William Hill embroiled in valuation row after rejecting second Rank-888 proposal

William Hill sales
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A war of words has broken out between William Hill and its two suitors over the valuation of the company, with sources close to Rank and 888 accusing William Hill of “moving the goal-posts”.

 

[dropcap]W[/dropcap]illiam Hill has less than a week to reach an agreement over a potential three-way merger with Rank and 888 after rejecting a sweetened cash-and-stock bid of more than £3bn (€3.45bn).

The bookmaker, which has seen its share price plummet amid ongoing uncertainty, said the new bid still “significantly undervalued” the company and slammed the approach as “highly opportunistic”.

The revised bid from Rank and 888 granted a larger slice of the merged gaming giant to William Hill, with the cash portion of the deal remaining the same.

But the deal hit further rocky ground after William Hill revised its valuation of the earlier approach to 339p-a-share and valued the second bid at just 352p-per-share.

 

significantly undervalued

 

The three gaming firms had initially agreed over the valuation of the first bid – approximately £3.2bn (€3.7bn) or 364p-per-share – with Rank and 888 stating that their improved bid would therefore be worth around 394p-per-share.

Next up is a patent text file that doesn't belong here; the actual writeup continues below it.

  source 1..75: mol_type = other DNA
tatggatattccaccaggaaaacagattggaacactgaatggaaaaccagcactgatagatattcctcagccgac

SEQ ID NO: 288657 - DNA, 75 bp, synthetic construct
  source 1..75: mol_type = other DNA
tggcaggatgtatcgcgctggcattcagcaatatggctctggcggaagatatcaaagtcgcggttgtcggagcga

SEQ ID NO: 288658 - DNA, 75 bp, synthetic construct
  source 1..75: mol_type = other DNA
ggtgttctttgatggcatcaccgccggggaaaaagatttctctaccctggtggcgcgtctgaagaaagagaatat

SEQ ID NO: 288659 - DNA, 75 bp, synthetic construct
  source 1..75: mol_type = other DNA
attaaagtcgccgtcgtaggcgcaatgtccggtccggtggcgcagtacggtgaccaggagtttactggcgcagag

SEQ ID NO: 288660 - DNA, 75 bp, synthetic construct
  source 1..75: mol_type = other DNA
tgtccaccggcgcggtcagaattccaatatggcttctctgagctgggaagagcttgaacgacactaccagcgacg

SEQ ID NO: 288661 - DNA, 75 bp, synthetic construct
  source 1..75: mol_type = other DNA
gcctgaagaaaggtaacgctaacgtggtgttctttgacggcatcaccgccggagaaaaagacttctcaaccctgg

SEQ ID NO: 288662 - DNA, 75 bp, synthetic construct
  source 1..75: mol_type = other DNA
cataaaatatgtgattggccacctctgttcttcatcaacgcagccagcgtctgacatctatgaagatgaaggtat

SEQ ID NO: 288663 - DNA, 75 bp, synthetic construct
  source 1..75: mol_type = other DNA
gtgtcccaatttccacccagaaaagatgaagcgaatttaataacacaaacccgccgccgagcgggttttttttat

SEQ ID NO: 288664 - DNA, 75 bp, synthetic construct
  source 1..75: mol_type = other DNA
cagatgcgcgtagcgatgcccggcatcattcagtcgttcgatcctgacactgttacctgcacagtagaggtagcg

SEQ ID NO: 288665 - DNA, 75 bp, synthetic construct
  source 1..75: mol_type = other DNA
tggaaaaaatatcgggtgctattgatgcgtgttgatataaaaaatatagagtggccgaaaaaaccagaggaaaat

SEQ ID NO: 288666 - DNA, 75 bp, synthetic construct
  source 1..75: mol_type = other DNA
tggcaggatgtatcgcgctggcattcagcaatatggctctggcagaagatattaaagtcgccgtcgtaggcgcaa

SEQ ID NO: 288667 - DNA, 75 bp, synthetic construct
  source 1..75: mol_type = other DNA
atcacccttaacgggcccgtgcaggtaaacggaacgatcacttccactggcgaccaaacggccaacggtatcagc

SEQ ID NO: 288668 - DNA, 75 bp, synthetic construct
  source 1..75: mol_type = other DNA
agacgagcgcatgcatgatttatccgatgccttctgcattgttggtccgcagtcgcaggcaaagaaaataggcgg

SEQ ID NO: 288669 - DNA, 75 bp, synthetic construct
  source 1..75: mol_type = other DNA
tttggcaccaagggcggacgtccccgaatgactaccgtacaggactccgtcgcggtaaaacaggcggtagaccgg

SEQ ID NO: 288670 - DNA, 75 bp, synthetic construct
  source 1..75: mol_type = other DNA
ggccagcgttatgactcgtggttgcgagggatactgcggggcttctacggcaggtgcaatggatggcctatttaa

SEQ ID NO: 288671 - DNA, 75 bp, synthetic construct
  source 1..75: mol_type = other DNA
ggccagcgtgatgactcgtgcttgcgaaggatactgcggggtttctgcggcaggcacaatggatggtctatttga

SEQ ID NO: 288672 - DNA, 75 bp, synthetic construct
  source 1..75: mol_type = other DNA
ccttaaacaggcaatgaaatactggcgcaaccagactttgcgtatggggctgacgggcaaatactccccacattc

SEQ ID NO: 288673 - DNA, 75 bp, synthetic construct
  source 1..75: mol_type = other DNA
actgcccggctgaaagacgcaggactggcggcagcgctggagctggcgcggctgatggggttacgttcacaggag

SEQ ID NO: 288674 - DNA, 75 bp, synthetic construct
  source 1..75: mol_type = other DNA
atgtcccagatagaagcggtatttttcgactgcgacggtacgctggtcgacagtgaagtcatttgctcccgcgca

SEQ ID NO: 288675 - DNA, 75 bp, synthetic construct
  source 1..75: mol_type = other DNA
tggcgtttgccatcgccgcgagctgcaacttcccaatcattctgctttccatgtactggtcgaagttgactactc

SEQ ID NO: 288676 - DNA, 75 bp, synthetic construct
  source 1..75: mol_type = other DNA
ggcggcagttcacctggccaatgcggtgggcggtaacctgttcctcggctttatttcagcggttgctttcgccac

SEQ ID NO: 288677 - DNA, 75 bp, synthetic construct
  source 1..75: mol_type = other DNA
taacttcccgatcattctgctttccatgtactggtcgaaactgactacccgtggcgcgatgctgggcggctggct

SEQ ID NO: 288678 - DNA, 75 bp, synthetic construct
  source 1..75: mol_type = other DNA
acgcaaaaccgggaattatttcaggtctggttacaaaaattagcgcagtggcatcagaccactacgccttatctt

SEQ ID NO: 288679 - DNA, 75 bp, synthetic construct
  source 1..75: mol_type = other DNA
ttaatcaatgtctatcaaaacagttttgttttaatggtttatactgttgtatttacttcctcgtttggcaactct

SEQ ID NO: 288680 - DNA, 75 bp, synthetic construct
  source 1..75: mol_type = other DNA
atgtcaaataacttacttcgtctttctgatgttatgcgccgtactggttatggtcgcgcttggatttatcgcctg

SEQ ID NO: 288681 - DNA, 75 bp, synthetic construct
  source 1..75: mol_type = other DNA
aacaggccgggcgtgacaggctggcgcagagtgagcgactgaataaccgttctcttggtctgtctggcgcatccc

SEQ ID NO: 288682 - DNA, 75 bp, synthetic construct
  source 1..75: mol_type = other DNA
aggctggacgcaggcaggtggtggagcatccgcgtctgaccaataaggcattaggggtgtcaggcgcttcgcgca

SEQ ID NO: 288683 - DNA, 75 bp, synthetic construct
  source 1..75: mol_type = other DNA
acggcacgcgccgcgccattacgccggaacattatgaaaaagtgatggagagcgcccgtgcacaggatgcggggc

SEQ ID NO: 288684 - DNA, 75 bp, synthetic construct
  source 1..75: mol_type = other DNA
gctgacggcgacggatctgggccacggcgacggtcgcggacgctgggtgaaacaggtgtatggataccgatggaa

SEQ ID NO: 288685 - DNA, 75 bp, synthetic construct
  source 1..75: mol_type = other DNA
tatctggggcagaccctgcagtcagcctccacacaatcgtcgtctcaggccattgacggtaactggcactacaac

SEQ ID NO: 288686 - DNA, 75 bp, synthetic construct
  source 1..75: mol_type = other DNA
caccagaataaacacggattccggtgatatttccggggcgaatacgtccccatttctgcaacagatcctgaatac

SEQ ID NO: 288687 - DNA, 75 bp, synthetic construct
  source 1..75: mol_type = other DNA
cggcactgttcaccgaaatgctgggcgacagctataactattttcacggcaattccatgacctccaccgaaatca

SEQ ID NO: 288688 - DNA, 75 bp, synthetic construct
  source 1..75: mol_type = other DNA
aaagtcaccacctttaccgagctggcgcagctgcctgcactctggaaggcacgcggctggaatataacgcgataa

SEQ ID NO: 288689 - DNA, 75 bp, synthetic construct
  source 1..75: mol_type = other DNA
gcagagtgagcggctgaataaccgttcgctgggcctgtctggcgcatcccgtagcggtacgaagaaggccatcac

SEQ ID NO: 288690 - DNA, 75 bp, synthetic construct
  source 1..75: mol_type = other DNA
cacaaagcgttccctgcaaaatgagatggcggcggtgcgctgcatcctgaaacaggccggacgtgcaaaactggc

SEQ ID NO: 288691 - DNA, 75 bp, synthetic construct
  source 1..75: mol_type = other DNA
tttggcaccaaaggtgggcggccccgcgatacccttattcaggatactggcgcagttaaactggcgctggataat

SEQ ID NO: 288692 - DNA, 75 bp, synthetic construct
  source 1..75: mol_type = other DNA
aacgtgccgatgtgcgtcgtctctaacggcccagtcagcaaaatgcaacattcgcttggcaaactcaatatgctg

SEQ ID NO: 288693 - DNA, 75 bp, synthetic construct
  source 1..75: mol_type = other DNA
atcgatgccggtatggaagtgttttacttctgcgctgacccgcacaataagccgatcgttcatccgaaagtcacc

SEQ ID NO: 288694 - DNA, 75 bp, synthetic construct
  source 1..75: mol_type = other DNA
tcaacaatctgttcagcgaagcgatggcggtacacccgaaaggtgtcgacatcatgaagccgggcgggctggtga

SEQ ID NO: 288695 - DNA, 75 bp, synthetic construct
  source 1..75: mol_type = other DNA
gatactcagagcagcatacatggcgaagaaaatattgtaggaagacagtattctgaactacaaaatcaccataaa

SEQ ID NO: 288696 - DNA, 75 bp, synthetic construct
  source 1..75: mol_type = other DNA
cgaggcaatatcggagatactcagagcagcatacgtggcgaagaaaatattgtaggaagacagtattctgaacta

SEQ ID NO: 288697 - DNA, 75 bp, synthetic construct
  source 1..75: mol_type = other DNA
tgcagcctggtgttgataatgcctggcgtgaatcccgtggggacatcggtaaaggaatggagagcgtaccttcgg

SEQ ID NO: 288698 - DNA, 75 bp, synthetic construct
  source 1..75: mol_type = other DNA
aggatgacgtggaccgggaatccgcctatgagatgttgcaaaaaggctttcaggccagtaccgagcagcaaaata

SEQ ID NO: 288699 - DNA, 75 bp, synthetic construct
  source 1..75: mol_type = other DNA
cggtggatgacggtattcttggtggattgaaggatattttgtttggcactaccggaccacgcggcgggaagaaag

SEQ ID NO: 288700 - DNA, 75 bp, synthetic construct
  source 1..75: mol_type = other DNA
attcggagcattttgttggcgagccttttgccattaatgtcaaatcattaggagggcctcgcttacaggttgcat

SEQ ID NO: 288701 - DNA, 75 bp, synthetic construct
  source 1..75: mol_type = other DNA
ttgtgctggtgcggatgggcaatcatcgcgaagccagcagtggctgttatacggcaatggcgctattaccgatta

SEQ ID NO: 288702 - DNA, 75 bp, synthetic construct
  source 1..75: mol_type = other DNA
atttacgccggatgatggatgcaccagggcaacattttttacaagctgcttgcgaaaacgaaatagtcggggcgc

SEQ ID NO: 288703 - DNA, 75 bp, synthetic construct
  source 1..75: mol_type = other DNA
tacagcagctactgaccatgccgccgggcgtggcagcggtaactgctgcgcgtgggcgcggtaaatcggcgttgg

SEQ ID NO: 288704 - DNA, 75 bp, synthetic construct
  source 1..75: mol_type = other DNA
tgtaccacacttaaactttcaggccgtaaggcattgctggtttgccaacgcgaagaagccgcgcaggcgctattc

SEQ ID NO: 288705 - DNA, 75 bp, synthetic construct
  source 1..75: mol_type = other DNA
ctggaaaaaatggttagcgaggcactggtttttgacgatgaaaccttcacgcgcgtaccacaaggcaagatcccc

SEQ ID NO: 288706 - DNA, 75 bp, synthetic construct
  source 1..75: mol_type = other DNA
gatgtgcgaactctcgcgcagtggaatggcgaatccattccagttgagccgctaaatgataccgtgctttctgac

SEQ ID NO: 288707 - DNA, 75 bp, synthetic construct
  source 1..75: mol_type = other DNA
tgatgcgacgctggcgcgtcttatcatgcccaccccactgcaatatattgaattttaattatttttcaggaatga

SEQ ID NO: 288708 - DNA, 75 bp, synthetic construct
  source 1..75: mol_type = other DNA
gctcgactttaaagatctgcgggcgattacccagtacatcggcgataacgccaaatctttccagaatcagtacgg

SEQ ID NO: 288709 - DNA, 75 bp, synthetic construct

This would put it in the ball-park of the 400p figure that experts have suggested the potential suitors will need to meet to be successful.

A source close to Rank and 888 told the Telegraph that William Hill’s quibbles were a “a brazen attempt to move the goal posts” and secure an even higher bid for the company.

William Hill has responded ambivalently to the potential merger since the initial idea was put forward by Rank and 888, stating that it did not see how such a deal could improve value for shareholders.

More recently, William Hill’s Board have expressed concerns about the amount of borrowing needed to leverage the deal, with chairman Graham Davis saying the proposals were “based on risk, debt and hope”.

Analysts at Davy have also questioned the place of Rank in the deal.

Henry Birch, CEO of Rank, said on Monday that he hoped stakeholders could “engage the William Hill board in constructive discussions to deliver a deal that makes compelling strategic sense for all three businesses”.


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